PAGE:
Sunday, January 15, 2006


Yesterday, I posted a passage from The Drama Of Atheist Humanism, by Henri De Lubac, which showed how, in the Christian worldview, man sits at the pinnacle of God's creation. He is given charge of the gallery, caretaker of God's beautiful artwork. Indeed, not only is man caretaker, but he is preeminent. He stands above and beyond creation. The totality of God's creation can not contain the soul of man, which like God's has an infinite and immortal quality to it.

These are dramatic ideas. They are a bit frightening to fathom. And, in all my years as a Christian, I do not recall ever having heard a Pastor say anything of the like.

In the days, since 9/11, I have begun to think through the implications of my faith, and of what I know of the Bible. I had come to these same conclusions, when I started reading the works of Catholic thinkers within this past year. Oh, what a joy it is to find that I am not a blasphemous heathen, but that, instead, my conclusions are considered to be orthodoxy by some of the most profound thinkers to have ever walked the Earth; Pope John Paul II, Pope Benedict, and Mr. De Lubac himself.

Today, let's look at a passage that talks about what man has come to believe of himself, and what man is, and, of how the human race needs to be reminded of its purpose:

Philosophers have told man that he is a "microcosm," a little world made of the same elements, given the same structure, subject to the same rhythms as the great universe; they have reminded him that he is made in its image, and that he is subject to its laws; they have made him into part of the mechanism, or at most, into the epitome of the cosmis machine.

Nor were they completely mistaken.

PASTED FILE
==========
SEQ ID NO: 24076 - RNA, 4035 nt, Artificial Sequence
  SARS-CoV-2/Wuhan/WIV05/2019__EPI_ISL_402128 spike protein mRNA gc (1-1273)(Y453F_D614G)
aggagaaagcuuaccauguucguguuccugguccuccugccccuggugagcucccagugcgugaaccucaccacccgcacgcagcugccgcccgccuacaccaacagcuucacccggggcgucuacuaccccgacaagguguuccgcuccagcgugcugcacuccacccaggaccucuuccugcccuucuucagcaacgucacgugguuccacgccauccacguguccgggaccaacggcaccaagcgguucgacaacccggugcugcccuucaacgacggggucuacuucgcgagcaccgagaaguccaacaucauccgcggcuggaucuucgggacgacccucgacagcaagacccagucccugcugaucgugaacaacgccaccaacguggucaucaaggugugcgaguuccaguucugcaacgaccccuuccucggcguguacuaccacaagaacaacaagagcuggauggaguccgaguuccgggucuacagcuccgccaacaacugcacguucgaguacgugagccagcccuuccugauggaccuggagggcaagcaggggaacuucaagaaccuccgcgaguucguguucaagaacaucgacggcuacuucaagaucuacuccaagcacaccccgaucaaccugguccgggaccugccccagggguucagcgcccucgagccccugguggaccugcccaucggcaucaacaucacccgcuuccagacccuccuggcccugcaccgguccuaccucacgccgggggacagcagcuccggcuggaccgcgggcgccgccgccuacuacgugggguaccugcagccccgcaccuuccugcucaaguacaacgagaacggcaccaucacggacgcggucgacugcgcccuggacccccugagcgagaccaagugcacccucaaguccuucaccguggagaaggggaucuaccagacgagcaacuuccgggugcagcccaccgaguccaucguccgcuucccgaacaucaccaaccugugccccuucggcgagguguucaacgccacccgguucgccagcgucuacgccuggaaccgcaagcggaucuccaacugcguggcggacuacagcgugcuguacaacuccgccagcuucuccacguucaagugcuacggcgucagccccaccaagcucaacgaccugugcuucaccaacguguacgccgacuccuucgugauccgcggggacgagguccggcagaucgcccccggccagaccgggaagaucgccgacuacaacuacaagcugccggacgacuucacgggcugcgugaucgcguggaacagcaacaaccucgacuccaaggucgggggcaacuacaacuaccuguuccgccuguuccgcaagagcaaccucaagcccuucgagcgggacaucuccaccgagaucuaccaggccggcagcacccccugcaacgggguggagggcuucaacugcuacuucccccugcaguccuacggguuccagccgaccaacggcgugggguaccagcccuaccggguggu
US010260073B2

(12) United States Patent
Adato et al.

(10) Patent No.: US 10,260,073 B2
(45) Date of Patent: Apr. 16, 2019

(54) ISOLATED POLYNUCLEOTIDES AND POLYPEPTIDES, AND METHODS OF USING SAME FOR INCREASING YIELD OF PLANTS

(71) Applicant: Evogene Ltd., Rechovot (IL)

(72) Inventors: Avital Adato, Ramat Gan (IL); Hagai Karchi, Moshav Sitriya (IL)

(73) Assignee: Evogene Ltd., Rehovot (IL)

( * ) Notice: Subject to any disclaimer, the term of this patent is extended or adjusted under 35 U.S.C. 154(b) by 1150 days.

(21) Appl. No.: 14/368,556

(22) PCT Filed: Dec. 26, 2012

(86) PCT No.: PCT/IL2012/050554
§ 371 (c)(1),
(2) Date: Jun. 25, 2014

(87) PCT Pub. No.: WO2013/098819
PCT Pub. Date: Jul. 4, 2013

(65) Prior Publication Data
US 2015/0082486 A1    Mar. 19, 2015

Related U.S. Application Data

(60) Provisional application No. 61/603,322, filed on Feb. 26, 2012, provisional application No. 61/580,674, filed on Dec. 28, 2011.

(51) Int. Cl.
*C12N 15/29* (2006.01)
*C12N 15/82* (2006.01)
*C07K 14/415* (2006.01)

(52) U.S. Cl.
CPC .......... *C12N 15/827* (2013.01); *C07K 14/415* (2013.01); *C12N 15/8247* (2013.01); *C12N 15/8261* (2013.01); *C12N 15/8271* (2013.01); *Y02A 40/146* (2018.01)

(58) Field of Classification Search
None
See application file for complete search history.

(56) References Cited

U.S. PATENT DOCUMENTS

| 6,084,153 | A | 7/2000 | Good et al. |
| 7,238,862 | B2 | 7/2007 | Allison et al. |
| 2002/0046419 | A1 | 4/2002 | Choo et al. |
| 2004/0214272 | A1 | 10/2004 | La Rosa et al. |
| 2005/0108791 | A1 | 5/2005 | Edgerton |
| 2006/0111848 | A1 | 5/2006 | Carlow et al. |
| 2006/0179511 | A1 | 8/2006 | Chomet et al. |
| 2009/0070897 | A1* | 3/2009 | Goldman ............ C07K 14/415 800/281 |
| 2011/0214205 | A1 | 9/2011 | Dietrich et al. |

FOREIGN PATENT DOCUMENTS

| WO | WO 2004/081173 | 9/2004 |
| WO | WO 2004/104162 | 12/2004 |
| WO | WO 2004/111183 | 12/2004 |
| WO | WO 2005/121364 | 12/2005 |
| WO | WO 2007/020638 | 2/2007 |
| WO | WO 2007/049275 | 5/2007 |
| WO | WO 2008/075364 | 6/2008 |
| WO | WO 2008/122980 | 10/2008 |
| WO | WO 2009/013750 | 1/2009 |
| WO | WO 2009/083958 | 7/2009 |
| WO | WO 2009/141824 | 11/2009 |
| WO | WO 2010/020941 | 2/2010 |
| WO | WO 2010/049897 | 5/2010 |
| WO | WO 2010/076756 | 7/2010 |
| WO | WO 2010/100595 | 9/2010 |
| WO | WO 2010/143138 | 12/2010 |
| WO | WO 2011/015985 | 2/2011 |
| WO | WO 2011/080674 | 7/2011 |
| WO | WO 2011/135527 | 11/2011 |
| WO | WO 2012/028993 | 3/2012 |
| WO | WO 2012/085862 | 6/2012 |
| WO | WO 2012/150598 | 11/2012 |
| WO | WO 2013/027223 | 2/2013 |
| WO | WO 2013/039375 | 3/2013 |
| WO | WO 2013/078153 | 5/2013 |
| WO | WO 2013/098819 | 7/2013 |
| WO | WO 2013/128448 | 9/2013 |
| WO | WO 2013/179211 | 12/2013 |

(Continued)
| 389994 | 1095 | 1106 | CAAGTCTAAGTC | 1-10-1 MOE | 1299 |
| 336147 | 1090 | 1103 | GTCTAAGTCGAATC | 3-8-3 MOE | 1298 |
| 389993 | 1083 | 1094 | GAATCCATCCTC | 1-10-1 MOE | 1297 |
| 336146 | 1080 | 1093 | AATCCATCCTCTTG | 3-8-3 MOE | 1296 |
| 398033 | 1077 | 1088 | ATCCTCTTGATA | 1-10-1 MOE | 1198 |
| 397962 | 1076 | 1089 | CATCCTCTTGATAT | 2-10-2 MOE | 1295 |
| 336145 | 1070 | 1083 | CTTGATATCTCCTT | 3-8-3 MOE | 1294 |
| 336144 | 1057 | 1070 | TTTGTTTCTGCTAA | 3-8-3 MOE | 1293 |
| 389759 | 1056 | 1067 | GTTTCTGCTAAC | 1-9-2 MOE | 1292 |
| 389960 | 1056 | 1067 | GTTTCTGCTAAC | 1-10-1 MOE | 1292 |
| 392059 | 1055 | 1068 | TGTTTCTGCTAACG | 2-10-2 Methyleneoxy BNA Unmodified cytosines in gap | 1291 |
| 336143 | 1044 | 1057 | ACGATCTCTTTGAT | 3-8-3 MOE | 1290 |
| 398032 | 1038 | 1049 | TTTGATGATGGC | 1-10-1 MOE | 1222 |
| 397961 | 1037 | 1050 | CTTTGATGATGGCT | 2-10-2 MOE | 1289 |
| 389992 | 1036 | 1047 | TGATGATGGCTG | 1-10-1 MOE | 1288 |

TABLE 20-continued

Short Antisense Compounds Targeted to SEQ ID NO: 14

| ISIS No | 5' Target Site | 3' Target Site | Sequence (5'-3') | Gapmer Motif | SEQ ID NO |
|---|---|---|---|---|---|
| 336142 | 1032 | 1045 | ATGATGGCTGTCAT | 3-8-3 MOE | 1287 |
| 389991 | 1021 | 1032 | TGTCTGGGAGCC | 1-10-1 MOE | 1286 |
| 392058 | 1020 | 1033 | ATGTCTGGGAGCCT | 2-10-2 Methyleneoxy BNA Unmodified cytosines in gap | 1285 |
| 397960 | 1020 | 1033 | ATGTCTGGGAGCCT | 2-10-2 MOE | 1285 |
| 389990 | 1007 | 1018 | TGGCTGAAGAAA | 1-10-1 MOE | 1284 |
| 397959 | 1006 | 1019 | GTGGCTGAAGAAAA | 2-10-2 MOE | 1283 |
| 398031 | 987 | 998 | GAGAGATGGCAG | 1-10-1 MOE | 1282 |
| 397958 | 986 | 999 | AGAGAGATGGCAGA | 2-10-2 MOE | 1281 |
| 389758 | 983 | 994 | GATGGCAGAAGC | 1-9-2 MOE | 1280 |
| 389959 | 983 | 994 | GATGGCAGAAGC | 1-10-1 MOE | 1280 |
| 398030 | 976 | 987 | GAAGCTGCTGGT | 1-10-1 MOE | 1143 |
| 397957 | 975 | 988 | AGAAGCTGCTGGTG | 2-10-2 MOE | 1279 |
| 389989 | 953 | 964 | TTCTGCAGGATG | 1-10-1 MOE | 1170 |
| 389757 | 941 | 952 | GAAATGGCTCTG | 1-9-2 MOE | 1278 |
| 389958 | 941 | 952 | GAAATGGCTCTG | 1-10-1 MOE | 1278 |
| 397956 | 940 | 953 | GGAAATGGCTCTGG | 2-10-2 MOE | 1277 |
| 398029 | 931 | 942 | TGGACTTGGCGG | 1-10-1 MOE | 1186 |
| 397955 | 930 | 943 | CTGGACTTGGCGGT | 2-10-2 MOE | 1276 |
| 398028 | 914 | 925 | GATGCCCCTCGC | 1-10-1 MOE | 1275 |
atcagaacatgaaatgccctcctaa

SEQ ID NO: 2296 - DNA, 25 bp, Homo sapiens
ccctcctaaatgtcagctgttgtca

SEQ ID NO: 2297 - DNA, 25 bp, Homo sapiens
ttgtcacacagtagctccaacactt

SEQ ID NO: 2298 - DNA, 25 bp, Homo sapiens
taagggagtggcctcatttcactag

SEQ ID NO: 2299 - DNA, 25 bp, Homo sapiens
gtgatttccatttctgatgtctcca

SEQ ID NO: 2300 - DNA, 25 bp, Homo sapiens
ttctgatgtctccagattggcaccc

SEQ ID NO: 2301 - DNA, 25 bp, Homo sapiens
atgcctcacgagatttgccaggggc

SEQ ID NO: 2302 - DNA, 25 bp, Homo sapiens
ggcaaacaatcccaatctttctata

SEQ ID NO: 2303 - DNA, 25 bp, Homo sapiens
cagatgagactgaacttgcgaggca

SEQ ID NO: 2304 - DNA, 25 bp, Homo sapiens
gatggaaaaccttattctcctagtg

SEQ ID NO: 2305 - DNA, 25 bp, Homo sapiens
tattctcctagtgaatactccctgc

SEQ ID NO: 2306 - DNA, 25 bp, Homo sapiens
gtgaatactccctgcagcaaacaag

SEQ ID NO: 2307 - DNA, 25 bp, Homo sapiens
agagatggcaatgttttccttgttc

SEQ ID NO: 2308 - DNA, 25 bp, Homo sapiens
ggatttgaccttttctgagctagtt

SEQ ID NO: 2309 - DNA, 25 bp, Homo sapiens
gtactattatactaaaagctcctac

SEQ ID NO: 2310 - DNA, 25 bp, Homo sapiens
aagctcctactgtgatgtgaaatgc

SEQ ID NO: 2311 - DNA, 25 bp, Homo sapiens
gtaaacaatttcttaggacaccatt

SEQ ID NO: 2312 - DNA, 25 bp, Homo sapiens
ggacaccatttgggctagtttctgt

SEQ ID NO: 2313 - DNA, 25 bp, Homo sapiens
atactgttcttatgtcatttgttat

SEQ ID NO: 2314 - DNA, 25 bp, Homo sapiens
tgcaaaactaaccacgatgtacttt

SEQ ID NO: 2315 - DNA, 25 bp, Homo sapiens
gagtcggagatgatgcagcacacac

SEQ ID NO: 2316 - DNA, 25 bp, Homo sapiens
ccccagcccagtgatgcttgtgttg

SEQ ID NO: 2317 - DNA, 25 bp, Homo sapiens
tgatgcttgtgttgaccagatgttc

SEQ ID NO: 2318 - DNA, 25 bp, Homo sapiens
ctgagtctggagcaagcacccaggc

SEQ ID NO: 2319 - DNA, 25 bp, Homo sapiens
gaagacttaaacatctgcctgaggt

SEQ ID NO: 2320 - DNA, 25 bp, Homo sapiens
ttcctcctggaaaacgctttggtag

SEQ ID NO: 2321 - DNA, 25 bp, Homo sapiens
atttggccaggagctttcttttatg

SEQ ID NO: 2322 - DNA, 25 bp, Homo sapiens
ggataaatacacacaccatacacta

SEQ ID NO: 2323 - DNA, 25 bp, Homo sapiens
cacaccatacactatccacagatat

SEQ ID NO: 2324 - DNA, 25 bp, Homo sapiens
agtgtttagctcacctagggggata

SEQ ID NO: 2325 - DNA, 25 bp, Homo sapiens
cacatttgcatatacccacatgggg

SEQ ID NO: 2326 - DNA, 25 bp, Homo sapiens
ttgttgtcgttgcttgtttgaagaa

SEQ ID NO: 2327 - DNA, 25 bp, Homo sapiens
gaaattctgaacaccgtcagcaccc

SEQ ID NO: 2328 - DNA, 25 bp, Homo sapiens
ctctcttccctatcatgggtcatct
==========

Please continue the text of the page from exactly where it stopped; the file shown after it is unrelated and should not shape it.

Of man's body, and of all that, in man, can be called "nature," it is true. But, if man digs deeper and if his reflection is illuminated by what is said in the Sacred Scripture, he will be amazed at the depths opening up within him.

Unaccountable space extends before his gaze. In a sort of infinitude he overflows this great world on all sides, and in reality, it is that world, "macrocosm," which is contained in this apparent "microcosm."

That looks like a paradox contained in one of our great modern idealists. Far from it. First formulated from Origen, then by Saint Gregory Nazianzen, it was later repeated by many others. Saint Thomas Aquinas was to give much the same translation of it when he said that the sould is in the world contiens magis quam contenta - containing it rather than contained by it.

Man, to be sure, is made of dust and clay, or, as we should say nowadays, he is of animal origin - which comes to the same thing. The Church is not unmindful of this, finding a warrant for it in the same passage of Genesis ("God made man in His own Image and Likeness... from dust ... He breathed life into him ...").

Man, to be sure, is also a sinner. The Church does not cease to remind him of that fact.